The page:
GREENVILLE — Observant shoppers walking down South Broadway in downtown Greenville may see a small, blue decal affixed to doors and windows of area merchants.
The stickers, which say “Shop Small,” signify that the business is a participant in “Small Business Saturday,” taking place this November 28.
Now marking its sixth year of existence, Small Business Saturday was first promoted in 2010 by American Express as a shopping alternative nestled between “Black Friday” and “Cyber Monday.”
The federal government’s Small Business Administration soon hopped on board, touting the benefits of “shopping small.”
Can small brick-and-mortar establishments truly compete against big-box stores and online vendors in this day and age?
The National Retail Federation (NRF) claims that small businesses are actually at an advantage, saying, “[Small businesses are] agile and can adapt to changing conditions throughout the season. Small business owners know their consumers inside and out — because they’re right there interacting with them and can see firsthand the impact of their decisions.”
The NRF estimates that this year one in four holiday shoppers are planning to shop small by making purchases at small, local retail businesses.
Kirsten Berghoff is the owner of Sadie Grace and the manager of Hallmark in downtown Greenville. She says both businesses have participated in the event since its inception.
“Small Business Saturday is a huge success for any local business owner,” said Berghoff. “It’s phenomenal. It’s something I look forward to every year.”
She admits that while it is difficult to gauge exactly how much extra business the day brings in as it varies from year to year, she contends, “It’s more than double what we do on Black Friday.”
Berghoff says the event is important to her shops not only on that Saturday, but throughout the year. She believes that Small Business Saturday builds cohesiveness in the community.
“People need to shop small every day, not just one day out of the year,” she said. “It helps build a sense of community with more people shopping local.”
Vivian Hellwarth of Celina was with her daughters, Sara and Rachel, browsing the selection of goods at Sadie Grace. She said the shoppers in her family typically avoid the Black Friday buzz.
“We enjoy going to small town events and shops,” she said. “We like to support the community. This is more enjoyable.”
Michael Kiser, owner of Michael’s Fine Clocks & Jewelry, calls Small Business Saturday “a win-win for the community.”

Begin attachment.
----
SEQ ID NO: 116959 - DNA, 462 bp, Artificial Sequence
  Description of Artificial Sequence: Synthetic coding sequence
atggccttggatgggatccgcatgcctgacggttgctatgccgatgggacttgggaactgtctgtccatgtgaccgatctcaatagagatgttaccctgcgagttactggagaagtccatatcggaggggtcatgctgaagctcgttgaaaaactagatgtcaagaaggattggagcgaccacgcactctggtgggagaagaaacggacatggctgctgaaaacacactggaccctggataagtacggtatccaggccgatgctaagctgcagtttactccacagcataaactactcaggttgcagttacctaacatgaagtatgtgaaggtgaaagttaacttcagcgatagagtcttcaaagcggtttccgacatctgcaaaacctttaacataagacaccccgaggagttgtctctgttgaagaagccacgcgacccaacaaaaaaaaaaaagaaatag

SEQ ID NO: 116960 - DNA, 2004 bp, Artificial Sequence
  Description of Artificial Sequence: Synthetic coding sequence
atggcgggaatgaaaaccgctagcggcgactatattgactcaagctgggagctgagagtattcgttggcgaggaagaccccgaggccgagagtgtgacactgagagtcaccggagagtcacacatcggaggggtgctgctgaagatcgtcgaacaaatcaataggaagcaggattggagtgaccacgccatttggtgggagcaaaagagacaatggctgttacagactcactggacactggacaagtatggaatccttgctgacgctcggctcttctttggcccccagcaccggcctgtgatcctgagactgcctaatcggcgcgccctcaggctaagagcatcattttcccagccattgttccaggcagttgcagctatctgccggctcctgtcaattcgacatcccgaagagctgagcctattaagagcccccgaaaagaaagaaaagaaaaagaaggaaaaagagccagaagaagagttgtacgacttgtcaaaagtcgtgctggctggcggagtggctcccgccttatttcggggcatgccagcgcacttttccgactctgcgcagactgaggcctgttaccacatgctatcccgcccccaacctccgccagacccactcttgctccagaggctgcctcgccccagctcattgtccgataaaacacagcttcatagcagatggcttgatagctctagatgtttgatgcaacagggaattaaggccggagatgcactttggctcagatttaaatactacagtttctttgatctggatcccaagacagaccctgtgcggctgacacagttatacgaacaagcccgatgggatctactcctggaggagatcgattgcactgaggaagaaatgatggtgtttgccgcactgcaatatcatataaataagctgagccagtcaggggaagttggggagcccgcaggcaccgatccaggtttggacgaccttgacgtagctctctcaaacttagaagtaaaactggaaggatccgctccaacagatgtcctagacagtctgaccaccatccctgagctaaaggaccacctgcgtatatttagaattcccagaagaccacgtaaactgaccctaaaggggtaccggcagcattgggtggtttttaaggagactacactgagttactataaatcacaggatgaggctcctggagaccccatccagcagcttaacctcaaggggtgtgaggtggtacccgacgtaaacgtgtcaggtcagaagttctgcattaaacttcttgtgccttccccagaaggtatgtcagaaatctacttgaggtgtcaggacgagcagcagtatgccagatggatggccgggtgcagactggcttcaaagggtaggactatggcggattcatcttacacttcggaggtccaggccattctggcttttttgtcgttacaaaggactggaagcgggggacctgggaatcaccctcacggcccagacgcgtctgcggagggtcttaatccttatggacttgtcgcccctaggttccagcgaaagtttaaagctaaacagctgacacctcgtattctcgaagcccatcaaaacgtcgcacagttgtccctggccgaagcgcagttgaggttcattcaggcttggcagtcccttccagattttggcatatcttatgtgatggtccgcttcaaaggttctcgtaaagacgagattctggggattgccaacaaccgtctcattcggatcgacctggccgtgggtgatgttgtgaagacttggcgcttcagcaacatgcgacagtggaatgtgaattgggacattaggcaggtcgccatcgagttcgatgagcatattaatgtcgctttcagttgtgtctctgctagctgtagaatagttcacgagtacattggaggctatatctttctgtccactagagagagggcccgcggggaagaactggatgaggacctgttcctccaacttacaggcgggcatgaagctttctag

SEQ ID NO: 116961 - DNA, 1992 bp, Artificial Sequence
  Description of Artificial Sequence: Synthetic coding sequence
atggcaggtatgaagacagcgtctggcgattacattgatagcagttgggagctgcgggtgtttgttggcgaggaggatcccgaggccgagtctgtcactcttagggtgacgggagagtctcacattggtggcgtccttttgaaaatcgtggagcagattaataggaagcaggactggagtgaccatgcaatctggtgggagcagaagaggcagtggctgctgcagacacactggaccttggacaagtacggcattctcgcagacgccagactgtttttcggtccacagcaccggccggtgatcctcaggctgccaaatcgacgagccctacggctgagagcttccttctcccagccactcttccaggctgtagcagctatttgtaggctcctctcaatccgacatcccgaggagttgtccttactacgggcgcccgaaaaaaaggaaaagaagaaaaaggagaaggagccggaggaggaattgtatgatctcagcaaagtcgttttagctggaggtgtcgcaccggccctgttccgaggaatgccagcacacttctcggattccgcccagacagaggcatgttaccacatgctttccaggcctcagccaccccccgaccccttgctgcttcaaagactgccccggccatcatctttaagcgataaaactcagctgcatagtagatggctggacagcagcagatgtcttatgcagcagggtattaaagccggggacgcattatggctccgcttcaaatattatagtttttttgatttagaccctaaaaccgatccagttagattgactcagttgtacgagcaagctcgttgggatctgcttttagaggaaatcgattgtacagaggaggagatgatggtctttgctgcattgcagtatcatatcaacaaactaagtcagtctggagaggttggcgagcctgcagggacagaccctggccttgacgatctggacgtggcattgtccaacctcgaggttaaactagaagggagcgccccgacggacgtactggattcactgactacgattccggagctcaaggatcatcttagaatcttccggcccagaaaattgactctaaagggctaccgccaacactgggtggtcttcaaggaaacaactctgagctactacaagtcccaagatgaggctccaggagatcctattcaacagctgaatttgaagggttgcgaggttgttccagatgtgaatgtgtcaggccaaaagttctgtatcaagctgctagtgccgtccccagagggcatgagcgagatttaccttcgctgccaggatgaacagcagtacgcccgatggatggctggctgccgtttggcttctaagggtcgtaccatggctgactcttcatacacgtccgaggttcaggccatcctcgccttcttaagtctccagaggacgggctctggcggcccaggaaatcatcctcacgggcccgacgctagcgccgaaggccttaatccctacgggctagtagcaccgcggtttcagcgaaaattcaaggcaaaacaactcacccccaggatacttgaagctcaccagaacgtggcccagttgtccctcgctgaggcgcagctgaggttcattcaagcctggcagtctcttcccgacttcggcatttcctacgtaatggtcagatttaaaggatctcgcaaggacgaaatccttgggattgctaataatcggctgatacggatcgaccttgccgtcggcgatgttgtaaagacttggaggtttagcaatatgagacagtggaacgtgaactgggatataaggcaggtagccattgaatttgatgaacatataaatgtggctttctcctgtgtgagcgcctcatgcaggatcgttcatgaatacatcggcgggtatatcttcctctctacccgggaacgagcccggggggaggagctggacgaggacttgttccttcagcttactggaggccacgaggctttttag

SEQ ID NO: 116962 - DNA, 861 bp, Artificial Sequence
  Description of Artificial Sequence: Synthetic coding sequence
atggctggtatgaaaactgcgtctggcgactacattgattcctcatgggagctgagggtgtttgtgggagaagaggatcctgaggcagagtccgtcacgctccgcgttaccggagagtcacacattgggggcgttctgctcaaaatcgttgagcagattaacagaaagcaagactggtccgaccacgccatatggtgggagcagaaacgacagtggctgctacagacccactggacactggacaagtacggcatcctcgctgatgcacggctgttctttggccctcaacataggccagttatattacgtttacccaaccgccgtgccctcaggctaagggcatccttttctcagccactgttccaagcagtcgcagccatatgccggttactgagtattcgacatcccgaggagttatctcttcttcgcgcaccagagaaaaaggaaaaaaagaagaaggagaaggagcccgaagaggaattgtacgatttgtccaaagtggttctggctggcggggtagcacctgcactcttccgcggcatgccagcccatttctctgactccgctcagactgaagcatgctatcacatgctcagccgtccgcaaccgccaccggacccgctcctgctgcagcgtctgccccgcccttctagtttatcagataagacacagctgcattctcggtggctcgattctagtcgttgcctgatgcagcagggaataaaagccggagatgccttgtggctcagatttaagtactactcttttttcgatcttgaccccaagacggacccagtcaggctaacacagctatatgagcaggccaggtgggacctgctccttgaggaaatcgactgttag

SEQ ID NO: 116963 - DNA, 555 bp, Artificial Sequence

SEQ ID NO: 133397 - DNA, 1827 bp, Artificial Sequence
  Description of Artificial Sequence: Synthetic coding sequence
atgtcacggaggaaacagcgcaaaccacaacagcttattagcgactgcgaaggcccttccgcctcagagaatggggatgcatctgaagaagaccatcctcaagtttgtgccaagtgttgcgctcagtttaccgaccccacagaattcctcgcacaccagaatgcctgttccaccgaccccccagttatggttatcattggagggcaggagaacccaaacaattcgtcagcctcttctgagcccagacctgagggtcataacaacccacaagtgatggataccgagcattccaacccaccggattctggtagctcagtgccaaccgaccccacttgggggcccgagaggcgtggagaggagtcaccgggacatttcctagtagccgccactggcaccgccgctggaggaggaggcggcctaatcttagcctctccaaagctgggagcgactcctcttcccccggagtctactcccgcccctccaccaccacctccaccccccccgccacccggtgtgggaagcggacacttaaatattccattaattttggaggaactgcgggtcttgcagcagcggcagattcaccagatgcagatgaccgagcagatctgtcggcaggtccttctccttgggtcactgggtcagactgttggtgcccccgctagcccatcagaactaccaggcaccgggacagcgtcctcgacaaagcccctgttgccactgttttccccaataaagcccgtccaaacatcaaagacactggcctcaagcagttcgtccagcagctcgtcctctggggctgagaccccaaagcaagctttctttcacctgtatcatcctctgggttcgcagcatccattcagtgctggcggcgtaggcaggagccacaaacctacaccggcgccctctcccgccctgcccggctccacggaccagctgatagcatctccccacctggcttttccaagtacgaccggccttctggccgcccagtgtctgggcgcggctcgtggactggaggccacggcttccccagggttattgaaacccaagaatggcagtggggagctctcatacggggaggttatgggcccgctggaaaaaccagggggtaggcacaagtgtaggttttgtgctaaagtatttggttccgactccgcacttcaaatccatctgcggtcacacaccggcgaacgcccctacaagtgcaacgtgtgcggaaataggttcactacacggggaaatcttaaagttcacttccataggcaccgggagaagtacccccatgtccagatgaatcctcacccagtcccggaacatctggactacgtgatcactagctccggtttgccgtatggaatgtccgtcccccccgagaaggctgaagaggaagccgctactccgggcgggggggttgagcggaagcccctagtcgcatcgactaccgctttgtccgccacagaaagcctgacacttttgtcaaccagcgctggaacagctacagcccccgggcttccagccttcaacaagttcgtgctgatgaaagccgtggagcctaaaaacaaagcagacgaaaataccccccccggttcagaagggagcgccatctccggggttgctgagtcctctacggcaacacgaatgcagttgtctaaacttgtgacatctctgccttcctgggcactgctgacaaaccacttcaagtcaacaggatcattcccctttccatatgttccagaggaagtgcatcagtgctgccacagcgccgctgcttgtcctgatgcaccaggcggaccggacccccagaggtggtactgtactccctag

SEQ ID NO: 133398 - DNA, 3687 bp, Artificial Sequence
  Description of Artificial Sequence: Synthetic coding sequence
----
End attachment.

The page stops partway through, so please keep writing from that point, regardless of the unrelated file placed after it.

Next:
“People do come in to support local merchants and they tell us that, which is nice to hear,” he said.
Michael’s will celebrate 30 years in business this coming March, about 10 years at its current location on South Broadway. Kiser said he’s proud of what his business provides to the community.
“Look at the local prices versus the city prices,” he said. “You can still get reasonably priced, professional repairs done here. We’re a full-service store.”
Customer familiarity also plays a vital role in the success of smaller establishments.
“When our customers come in, they know I’m sitting at the bench doing their work,” Kiser said.
Michelle Lawrence, the lead sales representative at Michael’s, added, “We’re on a first-name basis with many of our customers. You don’t always have that with large businesses. You will get that with smaller businesses.”
Brenda’s Beanery, a coffee and pastry shop on South Broadway, has been participating in the annual event since its opening four years ago.
Kathy Weidner, a barista at the shop, says Brenda’s sees an upswing in traffic on Small Business Saturday.
“We do. It’s the holiday weekend, people out shopping like to come in and sit, have coffee and a pastry,” she said.
She added, “Having Small Business Saturday means getting to see a lot more people come in. We hear a lot about the other businesses and get to share feedback about them with others. We also like to tell people about the park and the Garst Museum, things that Greenville has to offer.”
Working in a small business has its advantages, says Weidner.
“We get to know our customers very well,” she remarked. “They like to come in and talk, they love the friendly atmosphere. They like the fact that we take the time to learn what they like to drink — it’s little details like that.”
“In a business like this, you can pay more attention to people,” she said. “Complete strangers come in and strike up a conversation. People can really connect in here. I enjoy having them come in as much as they enjoy coming in.”